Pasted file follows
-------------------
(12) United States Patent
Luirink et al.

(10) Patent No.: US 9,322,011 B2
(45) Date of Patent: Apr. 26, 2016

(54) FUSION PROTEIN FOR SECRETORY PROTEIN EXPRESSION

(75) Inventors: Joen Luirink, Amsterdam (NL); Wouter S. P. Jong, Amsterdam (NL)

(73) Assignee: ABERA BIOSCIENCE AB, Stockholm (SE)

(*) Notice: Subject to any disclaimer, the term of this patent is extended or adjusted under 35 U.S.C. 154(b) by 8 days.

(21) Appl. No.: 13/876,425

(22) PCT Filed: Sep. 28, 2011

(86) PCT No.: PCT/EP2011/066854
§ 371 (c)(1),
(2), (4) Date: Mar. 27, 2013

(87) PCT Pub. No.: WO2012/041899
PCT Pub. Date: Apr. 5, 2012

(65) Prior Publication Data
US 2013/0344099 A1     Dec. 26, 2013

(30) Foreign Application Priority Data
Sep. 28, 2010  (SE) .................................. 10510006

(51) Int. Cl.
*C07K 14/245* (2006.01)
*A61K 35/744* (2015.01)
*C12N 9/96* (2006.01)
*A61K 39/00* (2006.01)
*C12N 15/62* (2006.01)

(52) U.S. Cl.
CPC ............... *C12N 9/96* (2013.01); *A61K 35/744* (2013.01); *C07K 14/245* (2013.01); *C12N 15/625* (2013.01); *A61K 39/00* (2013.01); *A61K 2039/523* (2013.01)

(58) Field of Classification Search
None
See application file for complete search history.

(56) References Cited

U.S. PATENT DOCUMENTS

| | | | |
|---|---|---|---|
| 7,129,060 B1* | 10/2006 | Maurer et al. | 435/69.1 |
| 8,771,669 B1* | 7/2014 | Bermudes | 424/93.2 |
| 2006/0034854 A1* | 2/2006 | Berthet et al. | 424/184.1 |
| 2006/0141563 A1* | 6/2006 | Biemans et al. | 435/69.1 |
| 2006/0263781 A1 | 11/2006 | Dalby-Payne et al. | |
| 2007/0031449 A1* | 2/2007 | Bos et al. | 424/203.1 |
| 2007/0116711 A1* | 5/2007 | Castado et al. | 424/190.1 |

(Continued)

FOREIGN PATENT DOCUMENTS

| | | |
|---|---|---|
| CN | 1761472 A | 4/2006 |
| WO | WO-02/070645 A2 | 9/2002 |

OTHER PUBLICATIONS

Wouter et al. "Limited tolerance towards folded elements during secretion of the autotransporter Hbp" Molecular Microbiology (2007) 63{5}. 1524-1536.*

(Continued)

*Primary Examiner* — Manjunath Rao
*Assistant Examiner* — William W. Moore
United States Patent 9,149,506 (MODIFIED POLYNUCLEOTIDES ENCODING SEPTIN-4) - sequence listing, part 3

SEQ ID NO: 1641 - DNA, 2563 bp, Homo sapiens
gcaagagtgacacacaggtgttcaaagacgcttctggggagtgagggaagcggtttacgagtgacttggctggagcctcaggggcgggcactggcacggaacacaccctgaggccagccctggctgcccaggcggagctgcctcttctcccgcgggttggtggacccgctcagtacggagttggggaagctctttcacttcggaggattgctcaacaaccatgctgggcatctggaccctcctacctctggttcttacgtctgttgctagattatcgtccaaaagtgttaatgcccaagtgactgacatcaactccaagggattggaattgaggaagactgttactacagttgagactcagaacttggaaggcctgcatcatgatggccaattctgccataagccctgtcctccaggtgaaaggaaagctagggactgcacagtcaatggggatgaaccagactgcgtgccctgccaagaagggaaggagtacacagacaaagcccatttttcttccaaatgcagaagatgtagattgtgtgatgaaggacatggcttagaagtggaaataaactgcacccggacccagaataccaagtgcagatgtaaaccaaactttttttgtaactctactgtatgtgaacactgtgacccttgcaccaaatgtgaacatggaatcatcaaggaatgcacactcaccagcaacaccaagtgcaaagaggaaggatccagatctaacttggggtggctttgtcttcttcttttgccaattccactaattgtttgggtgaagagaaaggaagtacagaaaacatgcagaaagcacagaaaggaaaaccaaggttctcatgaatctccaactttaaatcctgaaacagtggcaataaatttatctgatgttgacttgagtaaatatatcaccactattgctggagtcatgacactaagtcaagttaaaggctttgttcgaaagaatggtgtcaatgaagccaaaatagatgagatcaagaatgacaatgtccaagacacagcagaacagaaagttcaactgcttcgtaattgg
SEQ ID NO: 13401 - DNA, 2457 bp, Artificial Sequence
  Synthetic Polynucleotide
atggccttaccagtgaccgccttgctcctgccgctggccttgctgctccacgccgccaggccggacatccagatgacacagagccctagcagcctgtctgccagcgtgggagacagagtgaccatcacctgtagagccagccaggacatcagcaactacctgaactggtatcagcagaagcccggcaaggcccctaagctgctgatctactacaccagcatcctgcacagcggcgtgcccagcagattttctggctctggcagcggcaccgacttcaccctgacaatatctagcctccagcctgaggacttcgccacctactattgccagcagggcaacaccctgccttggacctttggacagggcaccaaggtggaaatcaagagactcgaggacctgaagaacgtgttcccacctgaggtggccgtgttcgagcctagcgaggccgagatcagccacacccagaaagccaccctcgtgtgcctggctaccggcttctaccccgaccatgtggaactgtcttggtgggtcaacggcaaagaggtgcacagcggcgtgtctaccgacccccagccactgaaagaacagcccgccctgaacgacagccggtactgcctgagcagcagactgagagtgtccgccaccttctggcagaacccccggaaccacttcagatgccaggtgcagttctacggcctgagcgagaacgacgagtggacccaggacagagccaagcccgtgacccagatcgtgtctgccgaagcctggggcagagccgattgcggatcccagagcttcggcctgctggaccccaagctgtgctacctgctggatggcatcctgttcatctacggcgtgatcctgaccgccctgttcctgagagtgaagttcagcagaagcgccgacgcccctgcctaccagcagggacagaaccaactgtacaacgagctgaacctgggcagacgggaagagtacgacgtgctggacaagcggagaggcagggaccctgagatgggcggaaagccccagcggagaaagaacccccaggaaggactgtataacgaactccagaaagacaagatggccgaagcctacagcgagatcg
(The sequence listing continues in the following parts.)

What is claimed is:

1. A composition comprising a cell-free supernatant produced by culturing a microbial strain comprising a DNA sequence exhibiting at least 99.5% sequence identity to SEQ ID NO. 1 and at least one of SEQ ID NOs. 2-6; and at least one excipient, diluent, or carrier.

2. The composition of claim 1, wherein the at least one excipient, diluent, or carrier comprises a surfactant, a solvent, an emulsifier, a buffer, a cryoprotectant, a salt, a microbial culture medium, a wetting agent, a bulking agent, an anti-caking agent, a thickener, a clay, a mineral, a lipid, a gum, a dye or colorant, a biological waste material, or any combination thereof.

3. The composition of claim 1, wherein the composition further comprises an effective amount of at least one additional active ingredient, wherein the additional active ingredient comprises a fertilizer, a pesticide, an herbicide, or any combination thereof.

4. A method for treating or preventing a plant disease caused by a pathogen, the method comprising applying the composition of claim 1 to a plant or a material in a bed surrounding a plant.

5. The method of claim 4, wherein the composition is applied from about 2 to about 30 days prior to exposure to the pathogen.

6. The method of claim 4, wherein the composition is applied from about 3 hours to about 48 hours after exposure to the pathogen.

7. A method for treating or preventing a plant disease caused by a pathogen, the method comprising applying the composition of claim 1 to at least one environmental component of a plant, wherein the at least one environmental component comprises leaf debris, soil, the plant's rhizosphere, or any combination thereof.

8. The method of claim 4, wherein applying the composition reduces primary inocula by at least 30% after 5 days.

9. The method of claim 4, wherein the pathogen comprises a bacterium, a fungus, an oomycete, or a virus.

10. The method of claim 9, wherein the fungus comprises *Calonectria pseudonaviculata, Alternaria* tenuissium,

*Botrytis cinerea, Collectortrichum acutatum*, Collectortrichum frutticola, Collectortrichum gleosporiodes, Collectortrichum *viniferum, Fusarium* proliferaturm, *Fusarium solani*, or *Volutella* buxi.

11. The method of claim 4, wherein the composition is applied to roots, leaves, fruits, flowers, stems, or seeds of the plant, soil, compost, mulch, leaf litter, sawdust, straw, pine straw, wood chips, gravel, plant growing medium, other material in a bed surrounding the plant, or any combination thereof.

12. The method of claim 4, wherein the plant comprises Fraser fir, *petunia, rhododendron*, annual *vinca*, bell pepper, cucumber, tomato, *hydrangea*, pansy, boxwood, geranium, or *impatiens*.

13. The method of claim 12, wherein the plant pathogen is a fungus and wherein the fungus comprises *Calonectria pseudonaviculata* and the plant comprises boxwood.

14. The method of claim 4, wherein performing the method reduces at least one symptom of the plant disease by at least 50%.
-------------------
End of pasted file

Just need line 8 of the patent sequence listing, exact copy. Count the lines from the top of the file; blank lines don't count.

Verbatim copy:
(*) Notice: Subject to any disclaimer, the term of this patent is extended or adjusted under 35 U.S.C. 154(b) by 8 days.